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McCormick Spices Up Energy Use with Solar

June 28, 2010 - 6:00pm

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Anyone who has taken an introductory biology course might remember that in a symbiotic relationship, one organism lives on or near another organism so that both species benefit.

While McCormick & Company, Inc. and Constellation Energy are certainly not reminiscent of any creatures covered in Biology 101, their recent power purchasing agreement (PPA) is a reminder that in some cases, mutualism can work.

Under the companies' second PPA since 2008, the McCormick Distribution Center in Belcamp, Maryland, will host a 1.8-megawatt solar photovoltaic power system that Constellation Energy will install and maintain. In return, McCormick will purchase energy generated by the solar installation for the 20-year duration of the agreement.

"As an agriculturally-based company we are mindful of the environment and take measures to preserve and protect those resources," says Jim Lynn of McCormick & Company, Inc. "We continue to look for projects that support our sustainability focus and, in this case, reduce the amount of our fossil fuel electricity we buy from the utility company."

A mutually beneficial agreement

The solar power system, which Lynn says will generate 2.3 million kilowatt hours per year, is expected to save McCormick $3.4 million in electricity costs over the 20-year period of the agreement. The project is designed to include 8,372 crystalline photovoltaic solar panels on the building's 363,000 square foot rooftop.

Under the agreement, McCormick does not have to make a capital investment on the solar power system. Mark Kessler, a business development manager for Constellation Energy, says the PPA also offers budget certainty for McCormick since they know the amount they will pay for solar electricity for the next 20 years.

"Another benefit is that we strive to provide solar power at less cost to the host than what they would be paying for utility power," says Kessler. "Utility prices fluctuate pretty dramatically at times."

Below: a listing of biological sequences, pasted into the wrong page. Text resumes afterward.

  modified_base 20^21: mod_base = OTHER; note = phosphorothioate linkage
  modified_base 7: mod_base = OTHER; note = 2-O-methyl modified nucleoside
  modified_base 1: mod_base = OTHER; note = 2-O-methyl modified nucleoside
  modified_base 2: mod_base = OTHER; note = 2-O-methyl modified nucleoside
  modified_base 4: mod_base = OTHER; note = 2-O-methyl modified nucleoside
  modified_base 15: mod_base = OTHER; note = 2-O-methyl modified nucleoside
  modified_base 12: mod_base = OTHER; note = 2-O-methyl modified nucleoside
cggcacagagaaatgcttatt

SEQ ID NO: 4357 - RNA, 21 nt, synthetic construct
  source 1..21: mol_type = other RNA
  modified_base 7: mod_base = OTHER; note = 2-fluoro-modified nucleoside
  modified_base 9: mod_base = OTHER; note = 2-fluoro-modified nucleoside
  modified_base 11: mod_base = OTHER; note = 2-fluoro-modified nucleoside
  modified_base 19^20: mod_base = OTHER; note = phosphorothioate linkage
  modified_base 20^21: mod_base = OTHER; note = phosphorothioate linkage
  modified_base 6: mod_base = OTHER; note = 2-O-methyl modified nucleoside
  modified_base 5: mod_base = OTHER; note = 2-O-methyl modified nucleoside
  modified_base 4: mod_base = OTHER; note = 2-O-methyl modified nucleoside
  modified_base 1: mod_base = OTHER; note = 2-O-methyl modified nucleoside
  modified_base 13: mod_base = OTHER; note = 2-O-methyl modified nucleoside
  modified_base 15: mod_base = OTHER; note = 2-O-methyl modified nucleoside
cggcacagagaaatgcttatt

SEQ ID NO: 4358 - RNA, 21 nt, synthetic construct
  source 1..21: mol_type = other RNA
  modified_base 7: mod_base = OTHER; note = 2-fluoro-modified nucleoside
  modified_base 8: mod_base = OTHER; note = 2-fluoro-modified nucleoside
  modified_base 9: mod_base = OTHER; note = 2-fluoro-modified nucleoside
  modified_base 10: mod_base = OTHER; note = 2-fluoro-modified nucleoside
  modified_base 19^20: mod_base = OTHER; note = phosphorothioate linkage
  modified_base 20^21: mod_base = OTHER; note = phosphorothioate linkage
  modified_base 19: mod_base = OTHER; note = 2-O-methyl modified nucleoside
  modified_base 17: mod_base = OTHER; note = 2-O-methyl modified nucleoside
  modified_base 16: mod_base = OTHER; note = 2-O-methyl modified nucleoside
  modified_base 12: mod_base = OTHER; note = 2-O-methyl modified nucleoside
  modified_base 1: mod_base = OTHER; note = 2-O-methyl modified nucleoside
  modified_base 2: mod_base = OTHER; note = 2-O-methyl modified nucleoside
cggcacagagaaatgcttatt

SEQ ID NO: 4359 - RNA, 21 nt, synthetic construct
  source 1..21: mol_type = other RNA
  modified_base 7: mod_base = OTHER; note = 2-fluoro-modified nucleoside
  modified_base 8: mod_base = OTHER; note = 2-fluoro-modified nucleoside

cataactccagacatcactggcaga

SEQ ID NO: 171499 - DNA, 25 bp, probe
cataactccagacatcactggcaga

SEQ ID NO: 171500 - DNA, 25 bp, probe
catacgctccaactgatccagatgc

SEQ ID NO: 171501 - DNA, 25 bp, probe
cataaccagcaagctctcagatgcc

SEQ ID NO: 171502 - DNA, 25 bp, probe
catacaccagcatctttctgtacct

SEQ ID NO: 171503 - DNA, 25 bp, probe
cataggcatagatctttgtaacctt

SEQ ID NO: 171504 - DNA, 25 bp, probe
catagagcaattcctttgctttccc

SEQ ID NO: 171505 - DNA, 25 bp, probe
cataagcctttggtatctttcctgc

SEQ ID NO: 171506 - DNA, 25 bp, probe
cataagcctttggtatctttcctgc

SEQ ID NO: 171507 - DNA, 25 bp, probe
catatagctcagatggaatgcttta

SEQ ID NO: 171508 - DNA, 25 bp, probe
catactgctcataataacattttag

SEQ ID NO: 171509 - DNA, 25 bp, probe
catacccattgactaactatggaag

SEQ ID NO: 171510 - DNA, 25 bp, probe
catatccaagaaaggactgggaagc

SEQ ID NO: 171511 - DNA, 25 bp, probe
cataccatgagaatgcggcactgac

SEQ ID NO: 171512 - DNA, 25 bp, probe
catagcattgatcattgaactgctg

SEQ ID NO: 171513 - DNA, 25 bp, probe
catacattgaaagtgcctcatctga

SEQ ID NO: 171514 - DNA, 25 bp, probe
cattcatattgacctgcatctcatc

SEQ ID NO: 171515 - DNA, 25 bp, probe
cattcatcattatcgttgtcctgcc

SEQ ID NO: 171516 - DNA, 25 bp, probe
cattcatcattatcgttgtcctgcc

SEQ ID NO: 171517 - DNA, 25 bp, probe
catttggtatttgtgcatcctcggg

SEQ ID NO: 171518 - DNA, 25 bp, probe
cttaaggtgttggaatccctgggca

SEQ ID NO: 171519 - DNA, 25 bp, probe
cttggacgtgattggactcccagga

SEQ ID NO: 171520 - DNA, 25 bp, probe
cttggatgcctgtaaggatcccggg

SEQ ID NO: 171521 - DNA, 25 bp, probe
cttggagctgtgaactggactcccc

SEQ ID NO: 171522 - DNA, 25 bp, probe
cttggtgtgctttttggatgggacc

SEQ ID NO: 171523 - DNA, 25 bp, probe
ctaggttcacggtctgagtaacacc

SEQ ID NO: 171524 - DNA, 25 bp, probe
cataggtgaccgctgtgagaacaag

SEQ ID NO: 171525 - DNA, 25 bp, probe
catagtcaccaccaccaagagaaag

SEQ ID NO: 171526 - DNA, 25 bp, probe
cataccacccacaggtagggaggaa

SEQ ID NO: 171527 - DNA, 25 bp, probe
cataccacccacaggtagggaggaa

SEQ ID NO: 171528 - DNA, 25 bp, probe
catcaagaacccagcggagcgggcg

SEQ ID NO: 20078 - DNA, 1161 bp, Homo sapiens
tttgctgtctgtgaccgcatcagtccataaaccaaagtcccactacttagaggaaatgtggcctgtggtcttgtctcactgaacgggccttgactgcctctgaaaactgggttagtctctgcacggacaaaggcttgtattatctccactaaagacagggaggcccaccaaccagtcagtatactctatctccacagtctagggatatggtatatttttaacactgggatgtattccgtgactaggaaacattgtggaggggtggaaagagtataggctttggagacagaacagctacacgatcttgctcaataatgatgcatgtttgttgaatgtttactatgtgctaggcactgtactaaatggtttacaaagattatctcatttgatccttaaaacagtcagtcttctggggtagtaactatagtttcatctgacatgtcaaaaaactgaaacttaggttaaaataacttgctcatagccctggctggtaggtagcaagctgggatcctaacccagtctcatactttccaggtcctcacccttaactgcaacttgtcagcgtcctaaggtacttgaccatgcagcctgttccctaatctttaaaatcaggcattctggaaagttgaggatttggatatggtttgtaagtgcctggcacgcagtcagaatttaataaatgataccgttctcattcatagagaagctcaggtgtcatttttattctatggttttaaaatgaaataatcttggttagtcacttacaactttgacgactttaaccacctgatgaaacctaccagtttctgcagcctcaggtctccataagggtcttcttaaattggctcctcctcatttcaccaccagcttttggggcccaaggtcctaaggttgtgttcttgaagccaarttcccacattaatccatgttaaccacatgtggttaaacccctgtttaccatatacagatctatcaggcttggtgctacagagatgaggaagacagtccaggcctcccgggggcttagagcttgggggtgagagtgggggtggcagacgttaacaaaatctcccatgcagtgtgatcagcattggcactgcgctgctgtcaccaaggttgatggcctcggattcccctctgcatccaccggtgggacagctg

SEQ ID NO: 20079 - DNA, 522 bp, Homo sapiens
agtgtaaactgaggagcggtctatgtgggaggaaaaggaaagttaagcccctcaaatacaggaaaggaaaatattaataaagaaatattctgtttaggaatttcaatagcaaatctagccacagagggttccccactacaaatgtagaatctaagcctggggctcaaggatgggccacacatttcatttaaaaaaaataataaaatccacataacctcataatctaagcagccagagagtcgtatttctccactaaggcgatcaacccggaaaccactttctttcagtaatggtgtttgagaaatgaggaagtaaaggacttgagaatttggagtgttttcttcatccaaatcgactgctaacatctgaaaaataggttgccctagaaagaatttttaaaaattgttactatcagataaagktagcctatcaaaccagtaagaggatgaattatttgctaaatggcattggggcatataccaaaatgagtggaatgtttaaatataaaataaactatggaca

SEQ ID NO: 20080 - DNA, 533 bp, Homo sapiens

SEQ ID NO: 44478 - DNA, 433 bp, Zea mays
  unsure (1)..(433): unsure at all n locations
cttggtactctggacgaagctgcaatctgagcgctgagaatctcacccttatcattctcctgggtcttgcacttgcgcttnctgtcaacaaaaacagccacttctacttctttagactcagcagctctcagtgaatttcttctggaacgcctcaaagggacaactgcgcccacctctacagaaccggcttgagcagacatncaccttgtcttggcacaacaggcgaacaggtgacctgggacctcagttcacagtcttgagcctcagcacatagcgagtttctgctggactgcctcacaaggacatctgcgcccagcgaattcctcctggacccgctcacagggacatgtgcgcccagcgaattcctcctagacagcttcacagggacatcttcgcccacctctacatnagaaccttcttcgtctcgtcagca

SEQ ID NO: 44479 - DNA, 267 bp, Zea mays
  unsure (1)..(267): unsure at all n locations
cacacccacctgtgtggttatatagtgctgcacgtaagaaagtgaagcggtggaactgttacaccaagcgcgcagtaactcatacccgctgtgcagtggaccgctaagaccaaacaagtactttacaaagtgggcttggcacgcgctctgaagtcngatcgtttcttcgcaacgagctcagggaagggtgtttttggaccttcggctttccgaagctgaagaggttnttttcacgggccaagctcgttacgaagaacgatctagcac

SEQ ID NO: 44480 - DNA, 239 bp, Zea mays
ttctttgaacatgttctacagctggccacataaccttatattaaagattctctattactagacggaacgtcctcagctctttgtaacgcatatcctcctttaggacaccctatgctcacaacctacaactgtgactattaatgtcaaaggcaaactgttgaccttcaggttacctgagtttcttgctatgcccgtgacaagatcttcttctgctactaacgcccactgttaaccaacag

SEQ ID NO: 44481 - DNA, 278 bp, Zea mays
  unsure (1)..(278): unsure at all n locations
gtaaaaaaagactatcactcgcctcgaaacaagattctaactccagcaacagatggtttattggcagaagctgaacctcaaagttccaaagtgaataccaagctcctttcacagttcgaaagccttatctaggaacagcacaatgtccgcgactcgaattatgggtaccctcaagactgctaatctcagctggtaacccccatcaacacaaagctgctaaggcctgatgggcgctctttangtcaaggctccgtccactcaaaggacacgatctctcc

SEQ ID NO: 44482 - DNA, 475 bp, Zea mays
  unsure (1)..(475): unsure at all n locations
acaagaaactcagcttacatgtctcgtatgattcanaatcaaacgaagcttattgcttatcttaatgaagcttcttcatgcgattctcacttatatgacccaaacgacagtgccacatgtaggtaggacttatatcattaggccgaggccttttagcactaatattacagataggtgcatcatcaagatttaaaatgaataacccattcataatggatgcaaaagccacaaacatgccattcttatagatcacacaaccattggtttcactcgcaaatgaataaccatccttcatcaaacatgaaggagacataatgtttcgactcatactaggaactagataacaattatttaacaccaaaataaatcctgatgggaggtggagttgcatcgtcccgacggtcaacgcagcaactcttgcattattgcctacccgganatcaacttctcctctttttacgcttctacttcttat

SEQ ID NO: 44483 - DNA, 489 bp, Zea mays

While Constellation Energy provides the capital to design, construct and operate the system on the host site, they benefit by receiving a federal investment tax credit, Kessler says. After the first 20 years, McCormick can decide whether to remove the solar power system, buy it or enter another short agreement to buy power from Constellation Energy.

"Solar panels have such a long life that there are one or two five-year options after the initial agreement," says Kessler.

While the project is currently in the design and engineering phase, construction will begin this summer and the goal is to complete it by the end of the year. Requiring 17,000 man-hours of labor during construction, it will also create new green jobs.

A multi-phase partnership

The size of this solar project is twice as large as the solar power system installed when the companies first collaborated in 2008. For this project, Constellation Energy installed a nearly 1-megawatt solar power system at McCormick's facilities in Hunt Valley, Md.

"We achieved the 30% reduction in electricity costs for the facility in year one," says Lynn. "From a public reaction standpoint, we received a positive response from the community as well as our shareholders and employees."

The panels for the 2008 project were made by SolarWorld, but the manufacturer for this current project has not yet been selected. Kessler says that Constellation Energy uses only top-tier manufacturers and has also only used U.S. manufacturers.

According to Kessler, the solar projects work well for each company's values and are the first steps in what he hopes is a multi-phase partnership.

"We see them as a great partner for this," says Kessler. "It fits right in with both corporations' philosophies and strategies for renewable energies."

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